EDITOR’S NOTE: This is the second in a series of profiles on the 2019 class of the Clinton County Sports Hall of Fame. The Hall of Fame induction ceremony and announcement of the winner of the 2019 Wilmington News Journal Clinton County Scholar-Athlete Award is 6 p.m. June 26 at the Expo Center on the Clinton County Fairgrounds. Reservations and payment can be made at the News Journal office. Cost is $25 per reservation. UP NEXT: Alan Ledford.
As a youngster, Angie Whiting Bahr could have been nicknamed “Cartwheel.”
As a teenager, her nickname should have changed to “Champion.”
By the time her gymnastics career stopped, Bahr was a champion at the regional, national and world levels.
That she can be considered the greatest gymnast in Clinton County history is a product of her coach Joni Streber, who said Bahr was the best among the 15 world champions she coached. Streber was inducted into the Clinton County Sports Hall of Fame in 2017.
Bahr grew up watching her sister Susan Schaeffer cheer with Joni Streber.
“When Susan and Joni were practicing I’d be in the yard cart-wheeling,” Bahr said. “Everywhere my mom took me all I did was cart-wheel.”
So it seemed natural when Streber started her gymnastics school at age 14 in 1971, Bahr was eager to join.
“My mom thought ‘We’re going to put her in a class because all she does is flip around the house’,” Bahr recalled.
And almost from the first time she tumbled on a mat in the Nellie Moore Christian Education Building at the First Christian Church, Bahr was a hit.
“I didn’t think that much about how good I was; it was just my life,” she said. “(Later in life) when I started going to church and became a Christian, became humble, I realized God gave that (ability) to me and surrounded me with the people who helped me use those God-given talents.
“Now I look at it and am amazed with what I did.”
Growing up a gymnast wasn’t easy, though.
“In elementary school there were a lot of people who didn’t like me because ‘she’s a gymnast’,” Bahr said.
She never gave in. In fact, she worked harder. Four days a week training in Wilmington then three days a week in Fairfield (to work with coach Dennis Harget) and Bahr was at the top of her game.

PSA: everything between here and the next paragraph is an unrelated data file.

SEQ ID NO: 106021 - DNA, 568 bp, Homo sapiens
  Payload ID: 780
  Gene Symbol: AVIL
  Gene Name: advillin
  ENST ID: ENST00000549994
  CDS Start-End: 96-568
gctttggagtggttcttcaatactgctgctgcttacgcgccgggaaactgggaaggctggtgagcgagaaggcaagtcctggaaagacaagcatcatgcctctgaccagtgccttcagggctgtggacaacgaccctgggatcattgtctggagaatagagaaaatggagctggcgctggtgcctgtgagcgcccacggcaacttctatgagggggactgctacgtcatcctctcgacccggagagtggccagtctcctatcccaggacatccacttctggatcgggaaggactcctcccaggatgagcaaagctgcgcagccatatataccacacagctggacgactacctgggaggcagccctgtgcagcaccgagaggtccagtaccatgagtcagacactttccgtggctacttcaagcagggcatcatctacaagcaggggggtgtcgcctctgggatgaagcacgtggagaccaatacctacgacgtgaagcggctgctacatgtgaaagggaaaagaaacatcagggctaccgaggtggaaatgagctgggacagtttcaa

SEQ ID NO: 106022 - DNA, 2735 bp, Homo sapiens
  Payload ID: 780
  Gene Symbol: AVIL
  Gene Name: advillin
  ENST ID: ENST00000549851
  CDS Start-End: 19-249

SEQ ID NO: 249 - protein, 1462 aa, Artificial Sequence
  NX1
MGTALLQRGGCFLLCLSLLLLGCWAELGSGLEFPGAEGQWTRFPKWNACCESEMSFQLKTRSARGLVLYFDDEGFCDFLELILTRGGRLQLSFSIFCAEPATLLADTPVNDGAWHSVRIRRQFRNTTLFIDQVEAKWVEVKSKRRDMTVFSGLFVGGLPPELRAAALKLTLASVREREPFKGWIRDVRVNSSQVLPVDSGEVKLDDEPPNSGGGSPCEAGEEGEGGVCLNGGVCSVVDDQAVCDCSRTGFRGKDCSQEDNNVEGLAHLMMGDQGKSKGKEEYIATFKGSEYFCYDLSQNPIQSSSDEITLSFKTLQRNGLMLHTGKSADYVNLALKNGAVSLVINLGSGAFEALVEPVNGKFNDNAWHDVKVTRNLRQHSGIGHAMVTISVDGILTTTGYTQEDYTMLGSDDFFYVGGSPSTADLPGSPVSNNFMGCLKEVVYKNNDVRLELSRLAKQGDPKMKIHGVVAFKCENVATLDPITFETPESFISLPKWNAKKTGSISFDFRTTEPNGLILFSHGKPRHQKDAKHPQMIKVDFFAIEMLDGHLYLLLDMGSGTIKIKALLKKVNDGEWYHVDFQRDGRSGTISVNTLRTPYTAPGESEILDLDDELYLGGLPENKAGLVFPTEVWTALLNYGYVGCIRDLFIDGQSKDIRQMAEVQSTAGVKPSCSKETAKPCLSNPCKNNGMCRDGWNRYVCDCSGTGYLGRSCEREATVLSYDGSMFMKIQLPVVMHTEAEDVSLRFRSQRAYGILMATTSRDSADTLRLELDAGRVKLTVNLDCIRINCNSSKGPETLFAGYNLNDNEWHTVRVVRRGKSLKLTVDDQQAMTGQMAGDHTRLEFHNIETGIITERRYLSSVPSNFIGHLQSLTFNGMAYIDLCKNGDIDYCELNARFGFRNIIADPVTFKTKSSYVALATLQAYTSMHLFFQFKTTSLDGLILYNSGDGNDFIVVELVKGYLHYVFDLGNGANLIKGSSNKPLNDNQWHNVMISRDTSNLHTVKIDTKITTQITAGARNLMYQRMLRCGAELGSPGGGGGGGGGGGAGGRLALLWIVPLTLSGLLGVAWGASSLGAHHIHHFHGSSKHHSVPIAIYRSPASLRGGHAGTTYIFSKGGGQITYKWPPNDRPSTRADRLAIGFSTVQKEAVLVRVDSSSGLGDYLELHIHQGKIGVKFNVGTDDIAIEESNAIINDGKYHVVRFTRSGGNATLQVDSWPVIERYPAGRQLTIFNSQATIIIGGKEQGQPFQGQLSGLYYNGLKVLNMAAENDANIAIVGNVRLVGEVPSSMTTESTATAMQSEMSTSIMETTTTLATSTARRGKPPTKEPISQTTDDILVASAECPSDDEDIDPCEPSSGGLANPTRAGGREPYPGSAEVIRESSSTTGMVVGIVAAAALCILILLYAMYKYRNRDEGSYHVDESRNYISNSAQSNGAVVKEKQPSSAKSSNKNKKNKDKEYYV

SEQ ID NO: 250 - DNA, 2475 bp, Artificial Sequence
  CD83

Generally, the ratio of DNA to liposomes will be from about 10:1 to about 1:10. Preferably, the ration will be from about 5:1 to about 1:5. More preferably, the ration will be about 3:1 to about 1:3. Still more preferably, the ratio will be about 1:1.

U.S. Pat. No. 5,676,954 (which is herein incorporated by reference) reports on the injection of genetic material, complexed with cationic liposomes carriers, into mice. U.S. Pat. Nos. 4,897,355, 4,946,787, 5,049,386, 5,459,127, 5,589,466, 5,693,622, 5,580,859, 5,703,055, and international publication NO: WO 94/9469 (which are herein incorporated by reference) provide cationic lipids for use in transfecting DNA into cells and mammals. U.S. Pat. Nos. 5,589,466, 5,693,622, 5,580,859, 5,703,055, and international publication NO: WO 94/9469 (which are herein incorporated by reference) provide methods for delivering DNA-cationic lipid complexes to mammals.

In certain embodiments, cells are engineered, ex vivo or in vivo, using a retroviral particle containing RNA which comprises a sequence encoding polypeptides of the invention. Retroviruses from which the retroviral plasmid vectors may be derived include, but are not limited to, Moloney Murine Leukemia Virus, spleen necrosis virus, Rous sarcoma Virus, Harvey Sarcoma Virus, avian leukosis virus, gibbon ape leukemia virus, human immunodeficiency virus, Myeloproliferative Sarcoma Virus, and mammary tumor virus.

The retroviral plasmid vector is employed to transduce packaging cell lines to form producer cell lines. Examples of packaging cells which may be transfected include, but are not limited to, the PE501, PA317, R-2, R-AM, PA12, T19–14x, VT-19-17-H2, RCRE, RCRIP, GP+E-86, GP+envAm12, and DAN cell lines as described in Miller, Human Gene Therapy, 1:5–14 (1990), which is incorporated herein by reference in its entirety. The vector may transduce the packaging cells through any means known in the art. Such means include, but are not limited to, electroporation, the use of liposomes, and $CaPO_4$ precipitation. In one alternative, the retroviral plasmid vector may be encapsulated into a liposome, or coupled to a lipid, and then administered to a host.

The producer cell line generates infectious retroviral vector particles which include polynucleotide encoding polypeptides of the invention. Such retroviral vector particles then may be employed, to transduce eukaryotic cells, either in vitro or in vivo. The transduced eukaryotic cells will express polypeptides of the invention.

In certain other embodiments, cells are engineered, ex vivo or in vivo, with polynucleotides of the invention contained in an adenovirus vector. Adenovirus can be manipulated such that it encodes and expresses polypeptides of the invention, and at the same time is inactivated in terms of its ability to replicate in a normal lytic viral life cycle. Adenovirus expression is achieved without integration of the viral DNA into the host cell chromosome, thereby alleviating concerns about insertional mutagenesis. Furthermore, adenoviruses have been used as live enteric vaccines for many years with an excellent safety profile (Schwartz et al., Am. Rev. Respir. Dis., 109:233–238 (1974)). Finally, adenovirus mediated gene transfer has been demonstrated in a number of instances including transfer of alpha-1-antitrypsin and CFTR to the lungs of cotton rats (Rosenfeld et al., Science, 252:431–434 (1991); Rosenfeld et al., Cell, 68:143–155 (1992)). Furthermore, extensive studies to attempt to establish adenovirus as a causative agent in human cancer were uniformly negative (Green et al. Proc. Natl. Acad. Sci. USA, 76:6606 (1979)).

She won her first national title in 1978 in Denver. She traveled to Hawaii and finished second in the World Cup in 1978.
The national title list grew to no fewer than eight. She won the Gold Medal in power tumbling at the World Games in 1981 in Santa Clara, California.
“Until I got into high school, I probably never thought about anything else,” she said of gymnastics. “That was my life.”
It was a good one and she had a good support system around her.
“My mom, Joni and the Lord pulling all these people in my direction,” Bahr said.
Bahr earned a national Junior Olympic title in 1982 in trios with Cheri Newman and Jessica Knaff. Bahr and Knaff were runnersup at Junior Nationals in 1982.
It was a third place overall finish that turned out to be the most memorial experience of them all for Bahr. In the World Cup in Bozeman, Montana, Bahr was third individually. She was one of four members of the U.S. National Power Tumbling Team that took first overall.
“Even though I didn’t get first individually, that one sticks out more than (World Games) because of the experience,” she said.
It also turned out to be her last competition. During practice the week leading up to the World Cup, Bahr hurt her back.
When she returned to Wilmington, she realized her gymnastics career was now behind her.
“I got home and it was summer time, there were other things to do,” she said. “I was getting a little older and I just thought, ‘Yea, I think I’m done’. After going seven days a week (for so long), I was ready to step away.”
Reach Mark Huber at 937-556-5765, via email email@example.com or on Twitter @wnjsports